Roma must refund buyer's $83,000 plus
caravan deemed a major
failure following 'wobble and sway'
A Roma Elegance caravan
By Dennis Amor
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A COURT has
ordered a Victorian caravan manufacturer, which claims
to be the oldest established caravan builder
in the world, to refund $83,000 to the owner of an overweight caravan
which developed a "wobble and sway" at speed.
The Victorian Civil and Administrative Tribunal also directed Roma
Caravans to pay $9277.80 in interest to Peter Cunningham, who bought the
Roma Elegance Slide-Out for trips, including a round-Australia sojourn.
heard that despite the VIN plate showing 2700kg, two later checks put the
weight at 3560kg and 3360kg.
Tribunal Member Jacquellyn Kefford said this amounted to "a major failure"
of the luxury caravan.
"I am satisfied that no reasonable consumer, fully acquainted with the
nature and extent of the failure, would regard the caravan to be of
acceptable quality," she said.
"While noting that two experts have recorded weights that differ by 200kg,
the highest payload proposed of 160kg is entirely inadequate for the use
and enjoyment of a reasonable consumer of the experience of caravanning.
"A reasonable caravanner would not risk the attention of police and a fine
for overweight. A reasonable caravanner would
require safety as a priority."
The tribunal heard that Mr Cunningham chose Roma Caravans because of its
advertised 90-year experience.
He had discussed his travel plans with the company,
saying he would be using a Mazda BH50 which had a towing capacity
and no fault found'
His first trip
was to Anglesea during which he had experienced what he described as
wobble and sway.
He reported his concerns by telephone to Roma but was told the Mazda was
the cause of the problem. He later had his vehicle mechanically checked
and no fault was found.
After researching the internet to learn about
sway he again reported the problem but Roma allegedly told him they built
hundreds of caravans like his and that there was nothing wrong with it.
Mr Cunningham's next trip was to Wodonga during which the caravan again
swayed at speeds of 80-85km/h.
It was returned to Roma for warranty work and to have the sway
investigated. Again, the manufacturer had repeated that the cause of the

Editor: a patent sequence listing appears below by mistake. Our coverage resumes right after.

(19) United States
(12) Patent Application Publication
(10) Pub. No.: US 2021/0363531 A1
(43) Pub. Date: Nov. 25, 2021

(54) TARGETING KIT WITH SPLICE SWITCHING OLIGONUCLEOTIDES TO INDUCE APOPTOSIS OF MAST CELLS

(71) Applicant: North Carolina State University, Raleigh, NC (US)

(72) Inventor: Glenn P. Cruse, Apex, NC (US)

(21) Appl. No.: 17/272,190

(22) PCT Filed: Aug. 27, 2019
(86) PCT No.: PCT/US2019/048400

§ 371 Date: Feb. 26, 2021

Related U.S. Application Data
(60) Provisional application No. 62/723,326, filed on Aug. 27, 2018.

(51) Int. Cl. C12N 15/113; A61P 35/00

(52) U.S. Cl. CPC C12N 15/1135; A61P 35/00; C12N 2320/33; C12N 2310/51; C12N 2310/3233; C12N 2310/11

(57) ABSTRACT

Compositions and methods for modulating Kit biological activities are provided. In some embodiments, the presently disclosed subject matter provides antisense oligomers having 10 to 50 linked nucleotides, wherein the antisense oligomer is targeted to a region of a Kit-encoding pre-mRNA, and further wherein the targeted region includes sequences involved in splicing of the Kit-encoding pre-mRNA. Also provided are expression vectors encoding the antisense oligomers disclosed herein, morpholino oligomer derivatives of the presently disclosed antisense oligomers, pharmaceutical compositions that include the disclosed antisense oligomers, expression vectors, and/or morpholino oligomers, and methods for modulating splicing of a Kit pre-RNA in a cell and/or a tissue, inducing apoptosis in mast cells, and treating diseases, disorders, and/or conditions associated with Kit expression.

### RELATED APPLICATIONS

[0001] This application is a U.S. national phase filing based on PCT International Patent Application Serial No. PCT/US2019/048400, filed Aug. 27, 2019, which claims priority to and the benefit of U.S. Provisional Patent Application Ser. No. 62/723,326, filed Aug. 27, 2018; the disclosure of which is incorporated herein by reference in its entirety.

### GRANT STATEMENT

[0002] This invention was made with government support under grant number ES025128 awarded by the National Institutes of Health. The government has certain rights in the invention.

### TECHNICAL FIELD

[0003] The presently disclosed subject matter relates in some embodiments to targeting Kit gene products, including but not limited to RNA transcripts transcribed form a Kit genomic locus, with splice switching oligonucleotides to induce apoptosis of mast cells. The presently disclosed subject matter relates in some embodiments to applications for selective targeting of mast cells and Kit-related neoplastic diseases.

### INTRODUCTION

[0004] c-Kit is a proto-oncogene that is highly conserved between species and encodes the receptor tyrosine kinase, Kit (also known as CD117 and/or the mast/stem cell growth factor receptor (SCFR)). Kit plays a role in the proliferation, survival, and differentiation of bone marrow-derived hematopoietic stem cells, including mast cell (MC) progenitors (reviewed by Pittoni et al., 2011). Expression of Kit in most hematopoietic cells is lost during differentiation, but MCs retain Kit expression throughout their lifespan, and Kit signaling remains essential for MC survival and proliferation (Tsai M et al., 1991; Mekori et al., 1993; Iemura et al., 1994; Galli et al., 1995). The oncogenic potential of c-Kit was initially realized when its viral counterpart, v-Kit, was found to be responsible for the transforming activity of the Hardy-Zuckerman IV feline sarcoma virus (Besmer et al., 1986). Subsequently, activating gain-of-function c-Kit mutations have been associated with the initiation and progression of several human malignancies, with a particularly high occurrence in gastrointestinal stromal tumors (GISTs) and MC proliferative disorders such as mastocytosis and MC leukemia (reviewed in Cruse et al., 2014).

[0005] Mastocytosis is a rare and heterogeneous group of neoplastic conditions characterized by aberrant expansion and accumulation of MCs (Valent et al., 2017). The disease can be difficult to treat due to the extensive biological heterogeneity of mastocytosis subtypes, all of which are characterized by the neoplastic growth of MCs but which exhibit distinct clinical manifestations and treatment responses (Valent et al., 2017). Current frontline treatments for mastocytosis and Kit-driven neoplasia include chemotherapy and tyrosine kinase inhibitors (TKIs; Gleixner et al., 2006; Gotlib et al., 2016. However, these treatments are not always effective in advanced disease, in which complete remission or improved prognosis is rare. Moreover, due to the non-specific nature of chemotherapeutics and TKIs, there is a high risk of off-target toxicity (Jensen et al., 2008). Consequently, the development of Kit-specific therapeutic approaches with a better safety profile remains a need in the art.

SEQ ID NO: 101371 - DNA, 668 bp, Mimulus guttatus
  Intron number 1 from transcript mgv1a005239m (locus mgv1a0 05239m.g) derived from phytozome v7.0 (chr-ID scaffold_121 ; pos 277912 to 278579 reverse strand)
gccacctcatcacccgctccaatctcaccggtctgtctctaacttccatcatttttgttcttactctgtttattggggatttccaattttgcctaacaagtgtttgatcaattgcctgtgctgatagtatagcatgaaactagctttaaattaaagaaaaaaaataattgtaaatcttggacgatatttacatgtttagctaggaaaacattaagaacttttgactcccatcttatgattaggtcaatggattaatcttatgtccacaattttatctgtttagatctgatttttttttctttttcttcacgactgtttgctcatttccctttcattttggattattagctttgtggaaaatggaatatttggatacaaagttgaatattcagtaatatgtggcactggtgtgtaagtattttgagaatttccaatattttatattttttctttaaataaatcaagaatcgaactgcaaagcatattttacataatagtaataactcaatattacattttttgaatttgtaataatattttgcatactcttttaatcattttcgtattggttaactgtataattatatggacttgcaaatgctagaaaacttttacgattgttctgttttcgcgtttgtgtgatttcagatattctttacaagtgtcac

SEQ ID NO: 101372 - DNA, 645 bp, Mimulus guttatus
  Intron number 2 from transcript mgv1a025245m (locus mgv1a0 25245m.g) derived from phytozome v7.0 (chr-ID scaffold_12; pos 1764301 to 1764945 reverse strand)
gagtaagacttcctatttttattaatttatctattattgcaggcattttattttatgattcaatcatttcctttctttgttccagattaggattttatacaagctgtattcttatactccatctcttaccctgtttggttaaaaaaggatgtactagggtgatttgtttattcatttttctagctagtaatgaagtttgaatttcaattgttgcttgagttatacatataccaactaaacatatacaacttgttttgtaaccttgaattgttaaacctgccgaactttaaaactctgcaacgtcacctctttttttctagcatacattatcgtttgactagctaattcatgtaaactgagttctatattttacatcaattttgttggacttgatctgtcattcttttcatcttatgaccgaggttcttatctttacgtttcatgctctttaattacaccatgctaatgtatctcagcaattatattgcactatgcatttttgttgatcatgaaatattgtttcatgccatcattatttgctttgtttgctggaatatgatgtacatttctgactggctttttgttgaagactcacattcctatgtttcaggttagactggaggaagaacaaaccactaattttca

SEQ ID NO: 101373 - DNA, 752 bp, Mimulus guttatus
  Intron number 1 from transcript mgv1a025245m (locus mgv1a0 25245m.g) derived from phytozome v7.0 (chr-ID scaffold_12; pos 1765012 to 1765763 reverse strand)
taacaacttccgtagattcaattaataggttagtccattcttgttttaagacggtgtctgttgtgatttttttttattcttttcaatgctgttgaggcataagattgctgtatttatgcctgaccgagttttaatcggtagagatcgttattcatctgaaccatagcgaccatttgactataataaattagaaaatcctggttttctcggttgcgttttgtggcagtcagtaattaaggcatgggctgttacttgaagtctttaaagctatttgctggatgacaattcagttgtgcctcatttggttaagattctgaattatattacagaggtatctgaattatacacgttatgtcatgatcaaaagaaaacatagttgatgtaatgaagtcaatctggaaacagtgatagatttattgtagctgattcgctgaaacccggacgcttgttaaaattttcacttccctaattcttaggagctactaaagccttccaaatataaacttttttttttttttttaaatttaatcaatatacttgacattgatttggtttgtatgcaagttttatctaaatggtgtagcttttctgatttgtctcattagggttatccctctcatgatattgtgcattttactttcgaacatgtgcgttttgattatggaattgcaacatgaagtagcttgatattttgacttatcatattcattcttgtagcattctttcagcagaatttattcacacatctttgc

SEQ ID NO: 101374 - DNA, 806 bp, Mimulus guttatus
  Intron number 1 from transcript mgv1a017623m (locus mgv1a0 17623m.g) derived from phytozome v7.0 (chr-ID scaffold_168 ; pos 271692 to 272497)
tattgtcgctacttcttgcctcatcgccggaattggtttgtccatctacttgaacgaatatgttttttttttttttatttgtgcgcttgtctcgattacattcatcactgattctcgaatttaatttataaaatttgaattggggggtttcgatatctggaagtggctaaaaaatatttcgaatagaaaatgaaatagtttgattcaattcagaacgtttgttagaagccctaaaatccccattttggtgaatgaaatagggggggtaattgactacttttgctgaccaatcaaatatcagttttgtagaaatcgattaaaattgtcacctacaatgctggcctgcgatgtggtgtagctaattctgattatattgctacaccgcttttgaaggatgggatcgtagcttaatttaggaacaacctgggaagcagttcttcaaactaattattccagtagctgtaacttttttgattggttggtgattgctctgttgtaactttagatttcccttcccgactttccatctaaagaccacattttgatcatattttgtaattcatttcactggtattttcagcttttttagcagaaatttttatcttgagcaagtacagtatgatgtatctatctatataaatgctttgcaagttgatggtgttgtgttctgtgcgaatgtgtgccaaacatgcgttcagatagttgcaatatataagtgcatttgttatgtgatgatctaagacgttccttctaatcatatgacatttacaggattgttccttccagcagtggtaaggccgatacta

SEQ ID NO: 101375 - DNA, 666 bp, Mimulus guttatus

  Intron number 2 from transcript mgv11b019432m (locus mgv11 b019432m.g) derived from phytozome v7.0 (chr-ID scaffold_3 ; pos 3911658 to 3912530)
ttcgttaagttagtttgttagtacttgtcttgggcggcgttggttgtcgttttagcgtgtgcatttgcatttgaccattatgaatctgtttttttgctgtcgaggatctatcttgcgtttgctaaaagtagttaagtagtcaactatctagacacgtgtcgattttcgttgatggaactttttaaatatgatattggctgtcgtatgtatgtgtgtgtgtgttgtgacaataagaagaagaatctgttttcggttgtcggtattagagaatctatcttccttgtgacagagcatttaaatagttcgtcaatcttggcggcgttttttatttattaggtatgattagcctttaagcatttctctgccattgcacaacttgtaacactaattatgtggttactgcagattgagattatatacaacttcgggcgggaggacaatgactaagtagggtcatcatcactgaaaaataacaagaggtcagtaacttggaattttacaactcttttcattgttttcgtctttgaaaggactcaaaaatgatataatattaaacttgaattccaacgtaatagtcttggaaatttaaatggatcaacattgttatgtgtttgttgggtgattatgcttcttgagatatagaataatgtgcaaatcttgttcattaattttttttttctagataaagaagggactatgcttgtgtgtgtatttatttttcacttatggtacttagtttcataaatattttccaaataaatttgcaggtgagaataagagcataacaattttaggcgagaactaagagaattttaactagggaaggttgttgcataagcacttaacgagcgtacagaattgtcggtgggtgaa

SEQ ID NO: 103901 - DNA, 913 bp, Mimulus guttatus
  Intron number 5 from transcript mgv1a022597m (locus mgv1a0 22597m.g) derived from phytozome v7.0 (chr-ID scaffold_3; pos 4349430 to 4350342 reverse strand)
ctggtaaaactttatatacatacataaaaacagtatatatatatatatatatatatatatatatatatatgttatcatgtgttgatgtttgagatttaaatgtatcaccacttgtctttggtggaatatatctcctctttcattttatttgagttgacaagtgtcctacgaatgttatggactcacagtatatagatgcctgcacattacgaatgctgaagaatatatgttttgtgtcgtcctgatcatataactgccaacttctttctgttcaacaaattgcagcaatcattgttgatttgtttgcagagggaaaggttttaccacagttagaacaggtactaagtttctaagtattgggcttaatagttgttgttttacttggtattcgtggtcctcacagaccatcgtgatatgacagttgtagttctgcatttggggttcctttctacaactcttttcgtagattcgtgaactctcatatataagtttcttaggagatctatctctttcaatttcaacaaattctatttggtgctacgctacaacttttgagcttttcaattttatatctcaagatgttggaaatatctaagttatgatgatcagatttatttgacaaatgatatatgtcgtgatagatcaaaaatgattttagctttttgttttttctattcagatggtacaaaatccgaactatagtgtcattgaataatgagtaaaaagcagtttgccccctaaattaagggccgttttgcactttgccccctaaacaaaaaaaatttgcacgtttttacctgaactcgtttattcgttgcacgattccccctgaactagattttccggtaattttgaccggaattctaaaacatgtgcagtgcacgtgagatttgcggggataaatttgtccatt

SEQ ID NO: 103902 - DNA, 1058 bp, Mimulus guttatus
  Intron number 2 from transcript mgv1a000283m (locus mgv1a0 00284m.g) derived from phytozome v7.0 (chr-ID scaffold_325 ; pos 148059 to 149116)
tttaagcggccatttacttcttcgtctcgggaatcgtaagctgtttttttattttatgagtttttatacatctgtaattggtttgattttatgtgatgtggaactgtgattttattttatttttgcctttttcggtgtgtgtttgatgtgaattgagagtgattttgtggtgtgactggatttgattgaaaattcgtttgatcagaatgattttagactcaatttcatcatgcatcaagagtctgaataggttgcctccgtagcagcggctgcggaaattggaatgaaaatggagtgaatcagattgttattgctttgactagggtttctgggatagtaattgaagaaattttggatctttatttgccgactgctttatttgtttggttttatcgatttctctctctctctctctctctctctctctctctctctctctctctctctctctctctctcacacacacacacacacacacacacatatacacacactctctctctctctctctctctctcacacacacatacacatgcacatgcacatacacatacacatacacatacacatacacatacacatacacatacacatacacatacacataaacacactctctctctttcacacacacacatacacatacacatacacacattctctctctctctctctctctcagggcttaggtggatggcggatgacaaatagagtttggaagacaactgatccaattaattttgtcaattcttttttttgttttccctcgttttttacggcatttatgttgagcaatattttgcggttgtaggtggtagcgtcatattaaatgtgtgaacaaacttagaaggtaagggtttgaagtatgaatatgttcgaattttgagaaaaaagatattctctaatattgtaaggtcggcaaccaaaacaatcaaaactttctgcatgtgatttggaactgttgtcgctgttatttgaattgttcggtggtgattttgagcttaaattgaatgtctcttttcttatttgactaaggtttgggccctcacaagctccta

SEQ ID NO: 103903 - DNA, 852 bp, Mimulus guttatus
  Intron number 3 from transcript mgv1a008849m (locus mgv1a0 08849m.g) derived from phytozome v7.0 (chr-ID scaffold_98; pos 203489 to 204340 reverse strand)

sway was not due to the caravan.
Engineer Terrence McNicol told the tribunal he had later driven Mr
Cunningham's Mazda on the Hume Highway with the caravan in tow.
He said the caravan performed satisfactorily up to 70km/h but "swayed
tremendously" at 80-90 km/h.
He concluded the caravan was not safe for road use and the weight did not
conform with the VIN plate.
Roma asked the tribunal to allow it to make the caravan compliant with
relevant design dimensions and to rectify the VIN plate.
But a report by Edward van den Berg from BTT Engineering Consulting
concluded: "After inspecting the caravan on site and receiving supporting
documentation from the client it is our belief that the caravan is both
overweight and also over-length at the rear,
with the manufacturer being responsible for both of these issues.
"The caravan exceeds legal limits and component ratings at tare mass.
"As it has been plated with a load-carrying
capacity of 800kg it is our belief that the caravan is not fit for purpose
as it is impossible to safely and legally achieve what has been promised
to the customer via the compliance plate without having to replace a
significant portion of the caravan's structural components."
Delivering her findings, Ms Kefford said Mr
Cunningham had relied on the 14 years' experience, skill and judgment of
Roma salesman Lee Mason.
She said Roma had been given two early opportunities to investigate the
sway but it chose not to do so; the failures could not be remedied easily
and within a reasonable time; the caravan was
unsafe and illegal if loaded over 160kg and that the average owner of a
tandem-axle caravan required a minimum load-carrying capacity of 400kg
(Caravan Industry Association of Australia Owners Handbook, page 57).
Roma must collect the caravan
within 14 days of the money
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